San Diego's backcountry is dominated by the Peninsular Ranges, high mountains extending northward from the peninsula of Baja California. This IBA is dominated by five main ranges Palomar, Volcan, Hot Springs, Cuyamaca and Laguna. The montane habitat occurs above 5500', and includes yellow pine woodland alternating with high-elevation chaparral (e.g. Redshanks, Chamise, Manzanita), with pinyon-juniper woodland on eastern slopes facing the desert. Surface water is scarce, though Lake Cuyamaca, a large lake surrounded by meadow and riparian thicket, serves as a notable exception. Scattered grassy meadows serve as magnets for birds, particularly after wet winters.

Ornithological Summary

The montane bird community of this IBA is basically a reduced Sierran avifauna, closely resembling that of the Transverse Ranges north of the Los Angeles Basin, with several taxa reaching the southern edges of their global ranges, including Red-breasted Sapsucker, White-headed Woodpecker and Mountain Chickadee (the latter of the endemic southern California race P. g. baileyae). The avifauna of these ranges has been monitored over the past few decades (e.g. Unitt 1981), and they appear to have recently been gaining rather than losing avian colonists, with the more interesting summer additions being Zone-tailed Hawk, which bred on Hot Springs Mountain at least through the early 1990s, and high-elevation species such as Red-breasted Nuthatch, Golden-crowned Kinglet and Hermit Thrush (San Diego Natural History Museum 2002). Purple Martin continues to maintain small breeding groups, most recently in the Laguna Mtns., and Swainson's Thrush maintains an interesting montane breeding outpost at Palomar Mountain (San Diego Natural History Museum 2002). Many of the meadow systems are located on private lands and have not been adequately surveyed, though Southwestern Willow Flycatcher and other riparian breeders are known to summer in the willow thicket on the south end of Lake Cuyamaca and may breed. Finally, the desert slopes of these peaks appear to be a stronghold in the state for Gray Vireo, an enigmatic, localized breeder that favors dense, arid chaparral with scattered trees at around 4-6000' elevation.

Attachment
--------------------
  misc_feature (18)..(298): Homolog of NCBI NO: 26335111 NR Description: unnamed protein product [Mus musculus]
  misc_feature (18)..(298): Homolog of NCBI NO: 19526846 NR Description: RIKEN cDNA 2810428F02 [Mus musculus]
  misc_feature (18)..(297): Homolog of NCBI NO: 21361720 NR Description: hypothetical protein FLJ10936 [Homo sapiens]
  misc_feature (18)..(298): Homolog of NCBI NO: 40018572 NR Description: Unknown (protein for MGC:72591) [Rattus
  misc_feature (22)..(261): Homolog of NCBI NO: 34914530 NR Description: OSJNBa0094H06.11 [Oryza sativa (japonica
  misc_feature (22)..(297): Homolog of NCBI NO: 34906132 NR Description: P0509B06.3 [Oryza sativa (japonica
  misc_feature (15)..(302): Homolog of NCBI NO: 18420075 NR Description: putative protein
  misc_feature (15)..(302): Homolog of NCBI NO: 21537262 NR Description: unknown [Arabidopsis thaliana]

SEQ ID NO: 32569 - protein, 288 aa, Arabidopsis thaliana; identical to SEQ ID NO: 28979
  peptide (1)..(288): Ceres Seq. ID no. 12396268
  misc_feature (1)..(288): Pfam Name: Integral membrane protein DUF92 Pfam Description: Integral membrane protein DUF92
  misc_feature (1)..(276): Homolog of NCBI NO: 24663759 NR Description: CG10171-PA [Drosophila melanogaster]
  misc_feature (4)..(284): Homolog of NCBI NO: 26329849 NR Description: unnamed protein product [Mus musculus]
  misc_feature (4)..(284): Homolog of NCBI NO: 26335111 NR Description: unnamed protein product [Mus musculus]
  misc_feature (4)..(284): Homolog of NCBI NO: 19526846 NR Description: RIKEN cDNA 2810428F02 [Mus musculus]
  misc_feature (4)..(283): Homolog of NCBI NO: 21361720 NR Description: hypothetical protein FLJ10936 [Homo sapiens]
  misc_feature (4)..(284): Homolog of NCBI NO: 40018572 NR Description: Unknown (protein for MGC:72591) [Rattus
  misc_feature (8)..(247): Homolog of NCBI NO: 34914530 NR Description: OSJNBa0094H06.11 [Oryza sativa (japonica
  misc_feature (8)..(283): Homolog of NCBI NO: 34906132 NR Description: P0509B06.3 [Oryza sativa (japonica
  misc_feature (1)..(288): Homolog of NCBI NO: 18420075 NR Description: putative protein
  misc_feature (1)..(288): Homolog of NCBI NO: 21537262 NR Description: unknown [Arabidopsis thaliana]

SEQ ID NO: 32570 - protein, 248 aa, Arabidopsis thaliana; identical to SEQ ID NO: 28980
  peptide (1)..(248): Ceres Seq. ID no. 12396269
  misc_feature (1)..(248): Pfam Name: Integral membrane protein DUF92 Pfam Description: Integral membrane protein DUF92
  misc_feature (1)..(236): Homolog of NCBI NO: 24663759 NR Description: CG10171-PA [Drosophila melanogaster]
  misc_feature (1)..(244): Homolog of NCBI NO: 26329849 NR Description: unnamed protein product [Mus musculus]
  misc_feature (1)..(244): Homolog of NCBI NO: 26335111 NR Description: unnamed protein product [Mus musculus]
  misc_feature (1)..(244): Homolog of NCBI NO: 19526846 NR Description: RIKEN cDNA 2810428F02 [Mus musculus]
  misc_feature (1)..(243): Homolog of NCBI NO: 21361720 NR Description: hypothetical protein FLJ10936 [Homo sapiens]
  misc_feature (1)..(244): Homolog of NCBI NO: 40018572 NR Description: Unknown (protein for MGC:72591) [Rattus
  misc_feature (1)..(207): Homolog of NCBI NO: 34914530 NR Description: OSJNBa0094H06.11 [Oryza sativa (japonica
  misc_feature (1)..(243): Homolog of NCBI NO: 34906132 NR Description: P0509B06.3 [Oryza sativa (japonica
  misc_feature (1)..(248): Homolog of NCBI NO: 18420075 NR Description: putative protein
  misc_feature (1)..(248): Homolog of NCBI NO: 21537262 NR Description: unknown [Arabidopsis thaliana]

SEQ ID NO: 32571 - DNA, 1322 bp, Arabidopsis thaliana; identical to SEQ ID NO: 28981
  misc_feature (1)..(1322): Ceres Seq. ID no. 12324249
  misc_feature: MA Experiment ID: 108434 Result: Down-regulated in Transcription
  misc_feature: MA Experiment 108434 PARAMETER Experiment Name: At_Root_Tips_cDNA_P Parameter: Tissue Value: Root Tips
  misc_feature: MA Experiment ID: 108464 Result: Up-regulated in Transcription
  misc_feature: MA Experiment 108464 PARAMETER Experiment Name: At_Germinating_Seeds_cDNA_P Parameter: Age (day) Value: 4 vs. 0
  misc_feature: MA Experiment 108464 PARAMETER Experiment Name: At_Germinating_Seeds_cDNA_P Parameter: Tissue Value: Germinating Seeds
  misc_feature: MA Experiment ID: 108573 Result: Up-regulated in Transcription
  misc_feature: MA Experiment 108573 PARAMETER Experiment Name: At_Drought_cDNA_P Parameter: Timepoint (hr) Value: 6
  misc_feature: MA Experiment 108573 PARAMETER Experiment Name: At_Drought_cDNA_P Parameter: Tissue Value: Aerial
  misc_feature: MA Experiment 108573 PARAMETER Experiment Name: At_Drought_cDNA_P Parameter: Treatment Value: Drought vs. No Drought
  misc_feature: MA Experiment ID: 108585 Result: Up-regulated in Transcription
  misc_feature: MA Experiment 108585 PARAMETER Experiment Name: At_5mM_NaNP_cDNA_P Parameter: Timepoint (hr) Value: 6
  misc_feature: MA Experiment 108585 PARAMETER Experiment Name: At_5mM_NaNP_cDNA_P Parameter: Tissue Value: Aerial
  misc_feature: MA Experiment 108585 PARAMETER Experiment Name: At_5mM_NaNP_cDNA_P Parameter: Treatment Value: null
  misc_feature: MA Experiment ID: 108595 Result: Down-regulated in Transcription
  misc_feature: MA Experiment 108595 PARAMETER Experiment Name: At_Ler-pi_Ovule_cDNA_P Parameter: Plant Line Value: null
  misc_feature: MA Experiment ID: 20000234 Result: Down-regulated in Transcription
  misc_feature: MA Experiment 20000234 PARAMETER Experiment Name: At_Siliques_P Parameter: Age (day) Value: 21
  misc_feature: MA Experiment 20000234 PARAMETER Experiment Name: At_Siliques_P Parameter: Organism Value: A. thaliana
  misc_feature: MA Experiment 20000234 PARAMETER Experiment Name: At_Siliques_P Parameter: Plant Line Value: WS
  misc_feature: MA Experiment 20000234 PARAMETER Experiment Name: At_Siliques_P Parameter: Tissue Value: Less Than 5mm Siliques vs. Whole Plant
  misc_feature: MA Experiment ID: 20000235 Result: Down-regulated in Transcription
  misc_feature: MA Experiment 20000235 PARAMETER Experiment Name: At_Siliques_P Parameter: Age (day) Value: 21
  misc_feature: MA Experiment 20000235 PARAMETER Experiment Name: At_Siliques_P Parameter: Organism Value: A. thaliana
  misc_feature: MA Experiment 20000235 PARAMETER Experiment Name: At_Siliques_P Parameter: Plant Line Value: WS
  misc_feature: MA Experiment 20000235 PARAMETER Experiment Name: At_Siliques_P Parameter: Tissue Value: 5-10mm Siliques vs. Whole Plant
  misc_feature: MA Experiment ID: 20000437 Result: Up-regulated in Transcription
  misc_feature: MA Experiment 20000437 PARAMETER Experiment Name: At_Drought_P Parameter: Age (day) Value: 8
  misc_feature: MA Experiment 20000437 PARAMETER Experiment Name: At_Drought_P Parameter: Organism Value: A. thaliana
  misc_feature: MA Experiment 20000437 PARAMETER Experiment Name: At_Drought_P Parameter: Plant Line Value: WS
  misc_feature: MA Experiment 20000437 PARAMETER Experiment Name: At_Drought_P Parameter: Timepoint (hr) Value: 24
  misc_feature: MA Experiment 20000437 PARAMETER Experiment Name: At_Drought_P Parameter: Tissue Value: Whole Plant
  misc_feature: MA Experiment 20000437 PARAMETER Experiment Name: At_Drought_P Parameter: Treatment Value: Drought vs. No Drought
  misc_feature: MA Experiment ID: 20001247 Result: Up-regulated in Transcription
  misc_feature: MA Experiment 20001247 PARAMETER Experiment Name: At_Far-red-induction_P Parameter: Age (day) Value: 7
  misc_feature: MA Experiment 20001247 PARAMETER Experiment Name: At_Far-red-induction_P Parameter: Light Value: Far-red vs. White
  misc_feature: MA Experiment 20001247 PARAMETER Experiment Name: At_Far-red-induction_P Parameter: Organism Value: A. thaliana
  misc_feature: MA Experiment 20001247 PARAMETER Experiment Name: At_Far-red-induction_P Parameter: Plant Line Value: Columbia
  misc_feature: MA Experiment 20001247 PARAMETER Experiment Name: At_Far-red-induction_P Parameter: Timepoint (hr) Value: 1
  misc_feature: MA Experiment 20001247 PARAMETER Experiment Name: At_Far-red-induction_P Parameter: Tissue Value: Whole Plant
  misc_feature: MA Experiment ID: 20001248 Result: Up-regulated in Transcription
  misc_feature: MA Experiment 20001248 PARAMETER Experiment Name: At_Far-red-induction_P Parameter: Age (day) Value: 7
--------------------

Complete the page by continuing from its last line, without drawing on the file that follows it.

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Conservation Issues

While much of the habitat in this IBA is protected by National Forest or State Park designation, numerous in-holdings are scattered throughout, often coinciding with the most sensitive habitats (e.g. meadows, streams). Particularly at risk are montane meadows (e.g. Mendenhall Valley on Palomar Mtn.; Laguna Meadow) that are heavily grazed by cattle, particularly on privately-owned sections. The impact of grazing, along with recreational activities (summer visitation is very high), should be assessed.

Ownership

Much of this IBA is protected by National Forest or State Park designation, but numerous in-holdings are scattered throughout.

Habitat

The montane habitat occurs above 5500?, and includes yellow pine woodland alternating with high-elevation chaparral (e.g. Redshanks, Chamise, Manzanita), with pinyon-juniper woodland on eastern slopes facing the desert. Surface water is scarce, though Lake Cuyamaca, a large lake surrounded by meadow and riparian thicket, serves as a notable exception. Scattered grassy meadows serve as magnets for birds, particularly after wet winters.

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